Blabberish. Chapter One.

So this is how today happened. I woke up at about 9am. But I didn't get out of bed til around 10ish (wink). Or maybe 11. Crap if I know. It was deliciously late. And I awoke after having a night filled with broken apart adventures which would of course include me being MCA incarnate, though at a glorious peak of 26 years old, and walking on a rapidly altering planet with my father, who was of course a 6 year old black child, well-dressed in his Sunday best, and we discussed how we would overcome this massive geographic shift as the grass slopes turned abruptly upward and devolved into a great and frothy sea filled with prehistoric underwater rattlesnakes. Fun? Totally. But also a relief to wake up from.

Then we stood on the back porch for a few, kicking the deflated pink soccer ball across the lawn for Dexter. And when it bounced flatly into the jungle-y, possibly rhubarb-y corner, we'd lose him for a second as he waded through the grasses. And he'd bring it back, drop it at our feet, then scoot back just far enough so that you knew he was ready for you to kick it again, but not far away to avoid getting kicked in the face. So you'd fake a right kick and go left when he was suckered into it. Sometimes maybe taking just a nick to his chin. Cause he'd come back from being suckered awwwwfully quick.

We headed off to Fuel up. We sat for a couple of hours in the sunny cafe, writing our blog posts that we both should have written the night before. But didn't. Cause we were waxing philosophical and stroking our chin hairs and nodding "hmm, you might have a point there chap, please, do tell mohhhre," with a long drawn out ohhhhhr and wide-eyed intrigue.

The soundtrack to our bloggathon coffee date was Abba. Like, the whole catalog. It's longer than history should have permitted. Blissfully, the Swedes finally wrapped it up, with a disco flourish and a playful finger snap and heel kick. And the baristas, likely gearing up to head home to their urban farm with chickens and goats and recycled tire raised beds strung up high with sweet peas and kale, switched the music to an upbeat, whimsical, and untalented pile of cat vomit. <-- lucky baristas. thems the life.

We decided to go to another coffee shop. "Should we bike there?" I asked.

"Huh. Yeah. We can bike there."

So we headed to Tim's place to pick up his bike. I chilled out for a few in his shaggy gray carpet, a little bit of child's pose, which is absolutely always a blissful pose to chill out in. He did a bit of research online. His brother's moving out here in just a few short weeks and it's simply not very likely that two dudes would happily cohabitate in an apartment the size of my bathtub. Hence. Craigslist. Househunting. Finding a listing that allows "1-2 pets as long as they're harmless". Which is good. Cause those exist. And TJ has one. And its name is Magic. Which bodes well for the cat and I getting along.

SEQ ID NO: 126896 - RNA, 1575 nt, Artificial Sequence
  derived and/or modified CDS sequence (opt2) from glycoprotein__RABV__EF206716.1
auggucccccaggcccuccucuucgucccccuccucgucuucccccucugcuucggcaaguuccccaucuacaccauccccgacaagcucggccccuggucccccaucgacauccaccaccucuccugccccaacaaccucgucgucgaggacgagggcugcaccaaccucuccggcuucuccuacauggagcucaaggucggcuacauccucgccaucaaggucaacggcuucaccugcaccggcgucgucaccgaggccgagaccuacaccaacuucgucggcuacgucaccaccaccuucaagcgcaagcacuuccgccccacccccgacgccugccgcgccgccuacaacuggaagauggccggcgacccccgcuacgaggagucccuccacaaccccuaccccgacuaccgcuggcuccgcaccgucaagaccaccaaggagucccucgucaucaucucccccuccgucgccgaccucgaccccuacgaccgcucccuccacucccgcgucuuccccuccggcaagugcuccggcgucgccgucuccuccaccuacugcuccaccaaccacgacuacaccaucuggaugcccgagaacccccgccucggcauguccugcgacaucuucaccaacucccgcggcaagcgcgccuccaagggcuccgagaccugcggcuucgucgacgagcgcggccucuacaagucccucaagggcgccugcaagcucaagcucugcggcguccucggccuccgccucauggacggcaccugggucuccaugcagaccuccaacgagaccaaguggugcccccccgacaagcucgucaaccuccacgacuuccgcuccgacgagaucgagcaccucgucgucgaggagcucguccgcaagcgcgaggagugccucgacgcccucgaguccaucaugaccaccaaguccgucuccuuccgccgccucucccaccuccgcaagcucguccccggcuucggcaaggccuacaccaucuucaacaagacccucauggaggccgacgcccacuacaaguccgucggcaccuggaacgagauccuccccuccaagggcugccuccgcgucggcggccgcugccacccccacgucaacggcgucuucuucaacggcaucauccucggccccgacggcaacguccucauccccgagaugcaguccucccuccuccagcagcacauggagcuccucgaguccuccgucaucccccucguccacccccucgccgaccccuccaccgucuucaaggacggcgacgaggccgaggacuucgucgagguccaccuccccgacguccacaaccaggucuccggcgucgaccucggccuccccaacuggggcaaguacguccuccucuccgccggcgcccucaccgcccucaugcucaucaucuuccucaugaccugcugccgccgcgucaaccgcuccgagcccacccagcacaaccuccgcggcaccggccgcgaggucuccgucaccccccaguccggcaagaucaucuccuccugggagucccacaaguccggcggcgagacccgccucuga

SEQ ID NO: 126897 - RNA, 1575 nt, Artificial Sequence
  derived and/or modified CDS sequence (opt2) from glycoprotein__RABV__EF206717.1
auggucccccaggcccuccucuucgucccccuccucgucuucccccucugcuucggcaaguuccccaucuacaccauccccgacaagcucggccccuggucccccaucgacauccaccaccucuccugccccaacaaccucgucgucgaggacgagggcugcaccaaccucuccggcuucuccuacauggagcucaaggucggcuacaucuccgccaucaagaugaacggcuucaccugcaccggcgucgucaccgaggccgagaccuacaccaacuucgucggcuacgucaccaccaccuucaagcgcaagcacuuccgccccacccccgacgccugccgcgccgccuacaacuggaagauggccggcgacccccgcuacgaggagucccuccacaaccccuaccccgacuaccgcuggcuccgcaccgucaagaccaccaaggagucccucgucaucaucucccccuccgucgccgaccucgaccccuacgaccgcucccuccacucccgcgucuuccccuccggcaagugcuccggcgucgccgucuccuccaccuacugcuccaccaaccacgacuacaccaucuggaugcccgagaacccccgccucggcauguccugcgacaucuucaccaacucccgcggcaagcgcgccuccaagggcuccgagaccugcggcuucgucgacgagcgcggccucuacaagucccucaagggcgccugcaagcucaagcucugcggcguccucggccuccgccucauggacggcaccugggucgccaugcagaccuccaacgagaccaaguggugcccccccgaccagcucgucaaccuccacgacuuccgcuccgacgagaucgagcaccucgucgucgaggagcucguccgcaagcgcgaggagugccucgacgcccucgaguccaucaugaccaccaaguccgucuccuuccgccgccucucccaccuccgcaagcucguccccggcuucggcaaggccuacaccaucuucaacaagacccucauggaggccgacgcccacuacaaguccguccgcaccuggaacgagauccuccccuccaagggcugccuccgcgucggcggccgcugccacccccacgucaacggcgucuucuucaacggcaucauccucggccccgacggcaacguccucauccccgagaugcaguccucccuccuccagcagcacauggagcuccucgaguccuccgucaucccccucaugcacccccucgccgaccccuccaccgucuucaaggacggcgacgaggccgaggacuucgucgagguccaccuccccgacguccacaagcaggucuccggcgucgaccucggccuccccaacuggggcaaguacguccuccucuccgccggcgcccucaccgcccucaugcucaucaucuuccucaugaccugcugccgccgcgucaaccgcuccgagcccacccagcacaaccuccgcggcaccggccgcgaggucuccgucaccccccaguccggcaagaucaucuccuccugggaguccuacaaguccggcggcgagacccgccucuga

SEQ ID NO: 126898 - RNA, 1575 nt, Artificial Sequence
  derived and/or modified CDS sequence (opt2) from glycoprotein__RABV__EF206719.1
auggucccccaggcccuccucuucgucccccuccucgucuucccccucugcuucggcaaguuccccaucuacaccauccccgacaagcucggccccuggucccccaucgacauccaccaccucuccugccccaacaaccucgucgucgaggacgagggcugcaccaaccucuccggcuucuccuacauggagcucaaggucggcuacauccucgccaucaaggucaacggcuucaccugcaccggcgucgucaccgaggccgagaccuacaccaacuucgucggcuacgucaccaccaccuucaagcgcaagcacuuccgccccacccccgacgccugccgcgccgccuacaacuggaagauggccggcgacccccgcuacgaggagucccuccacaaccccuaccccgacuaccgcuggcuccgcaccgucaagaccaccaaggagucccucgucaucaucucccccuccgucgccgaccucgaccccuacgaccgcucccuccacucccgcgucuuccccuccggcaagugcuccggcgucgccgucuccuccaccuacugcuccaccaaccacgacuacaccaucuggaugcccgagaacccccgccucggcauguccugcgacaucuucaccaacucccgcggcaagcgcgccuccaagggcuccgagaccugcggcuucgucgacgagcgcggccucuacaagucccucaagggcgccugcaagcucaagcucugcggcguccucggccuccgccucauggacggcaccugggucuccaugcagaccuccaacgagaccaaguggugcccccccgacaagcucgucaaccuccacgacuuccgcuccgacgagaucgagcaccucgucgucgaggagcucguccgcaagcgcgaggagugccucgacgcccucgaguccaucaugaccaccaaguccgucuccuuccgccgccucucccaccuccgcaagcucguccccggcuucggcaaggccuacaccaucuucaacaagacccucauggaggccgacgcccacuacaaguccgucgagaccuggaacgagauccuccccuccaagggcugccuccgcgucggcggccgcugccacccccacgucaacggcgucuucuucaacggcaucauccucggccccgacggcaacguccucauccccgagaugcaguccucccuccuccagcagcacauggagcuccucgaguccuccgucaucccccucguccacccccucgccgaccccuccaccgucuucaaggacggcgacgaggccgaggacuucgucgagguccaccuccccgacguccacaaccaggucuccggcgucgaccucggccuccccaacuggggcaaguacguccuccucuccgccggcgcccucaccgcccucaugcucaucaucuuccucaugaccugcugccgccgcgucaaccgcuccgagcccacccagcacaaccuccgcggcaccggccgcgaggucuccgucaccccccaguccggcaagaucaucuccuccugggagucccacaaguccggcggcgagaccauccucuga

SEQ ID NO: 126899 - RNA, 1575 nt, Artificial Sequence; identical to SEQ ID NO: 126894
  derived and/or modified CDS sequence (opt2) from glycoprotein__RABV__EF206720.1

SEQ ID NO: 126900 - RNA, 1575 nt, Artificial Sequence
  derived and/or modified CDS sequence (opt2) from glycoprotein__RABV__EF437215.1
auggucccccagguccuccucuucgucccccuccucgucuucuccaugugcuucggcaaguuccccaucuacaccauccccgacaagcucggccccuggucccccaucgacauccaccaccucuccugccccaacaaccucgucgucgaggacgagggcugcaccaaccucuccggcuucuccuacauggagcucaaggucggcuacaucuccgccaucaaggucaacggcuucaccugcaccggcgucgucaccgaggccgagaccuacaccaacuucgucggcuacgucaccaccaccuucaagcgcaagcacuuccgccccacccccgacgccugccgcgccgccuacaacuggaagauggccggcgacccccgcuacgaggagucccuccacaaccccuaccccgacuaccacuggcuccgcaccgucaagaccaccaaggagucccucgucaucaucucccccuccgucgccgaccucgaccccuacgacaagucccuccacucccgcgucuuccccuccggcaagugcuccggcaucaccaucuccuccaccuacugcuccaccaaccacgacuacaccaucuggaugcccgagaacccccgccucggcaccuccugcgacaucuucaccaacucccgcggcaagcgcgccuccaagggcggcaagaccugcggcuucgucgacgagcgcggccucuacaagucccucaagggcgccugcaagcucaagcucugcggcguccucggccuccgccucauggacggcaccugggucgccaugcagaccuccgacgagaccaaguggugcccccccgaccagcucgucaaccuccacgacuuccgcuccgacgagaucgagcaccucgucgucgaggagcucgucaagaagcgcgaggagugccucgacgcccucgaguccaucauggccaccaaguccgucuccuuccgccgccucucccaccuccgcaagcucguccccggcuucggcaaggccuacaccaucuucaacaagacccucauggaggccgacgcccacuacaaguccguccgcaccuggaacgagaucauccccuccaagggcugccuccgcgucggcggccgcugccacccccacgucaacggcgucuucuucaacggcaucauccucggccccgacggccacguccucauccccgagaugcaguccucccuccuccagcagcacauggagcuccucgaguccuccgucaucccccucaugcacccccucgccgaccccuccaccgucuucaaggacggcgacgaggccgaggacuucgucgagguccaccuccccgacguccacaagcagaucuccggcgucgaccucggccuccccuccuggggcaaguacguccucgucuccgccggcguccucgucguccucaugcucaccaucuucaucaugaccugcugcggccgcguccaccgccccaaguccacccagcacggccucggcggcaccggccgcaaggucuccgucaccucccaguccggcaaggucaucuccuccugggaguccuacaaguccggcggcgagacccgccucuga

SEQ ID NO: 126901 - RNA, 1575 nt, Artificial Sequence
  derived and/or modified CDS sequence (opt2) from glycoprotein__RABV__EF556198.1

Got back to my place, list in hand of rentals to stalk. Slid our monster laptops inside Tim's backpack, he skillfully bungee'd them to the rack on his bike. I changed my pants, cause, here's a thing. If you leave chapstick in a warm car and then forcefully pull off the cap before it's had a chance to cool off and re-set itself, it will splatter, violently, across your lap and hands.

*break* I think it's pretty great that twice this week I've been able to use a word that has an apostrophe 'd that wasn't a standard contraction like I'd.

On our bikes! Onward! Toward! Zig zagging we went through the streets of North Portland. We tracked down option #1. Paused on the sidewalk just in front, admired the windows hung as a decorative windbreak in the carport, questioned the decision to plant bamboo just outside the front window, and thought about how nice the bike ride would be between our houses. We couldn't go inside. We were simply on a creeper mission. Onward! Toward! We rode on toward N. Terry St, meandering past Kynton Park, where I will certainly be bringing the kidlets this summer to splash in the water feature and hurt themselves on the playground (looking at you here, Maggie).

Next house was a cute one on a corner. A little terrier or chihuahua thing was yapping in a window. No biggie. What's he gonna do? Tell on us? Little rat.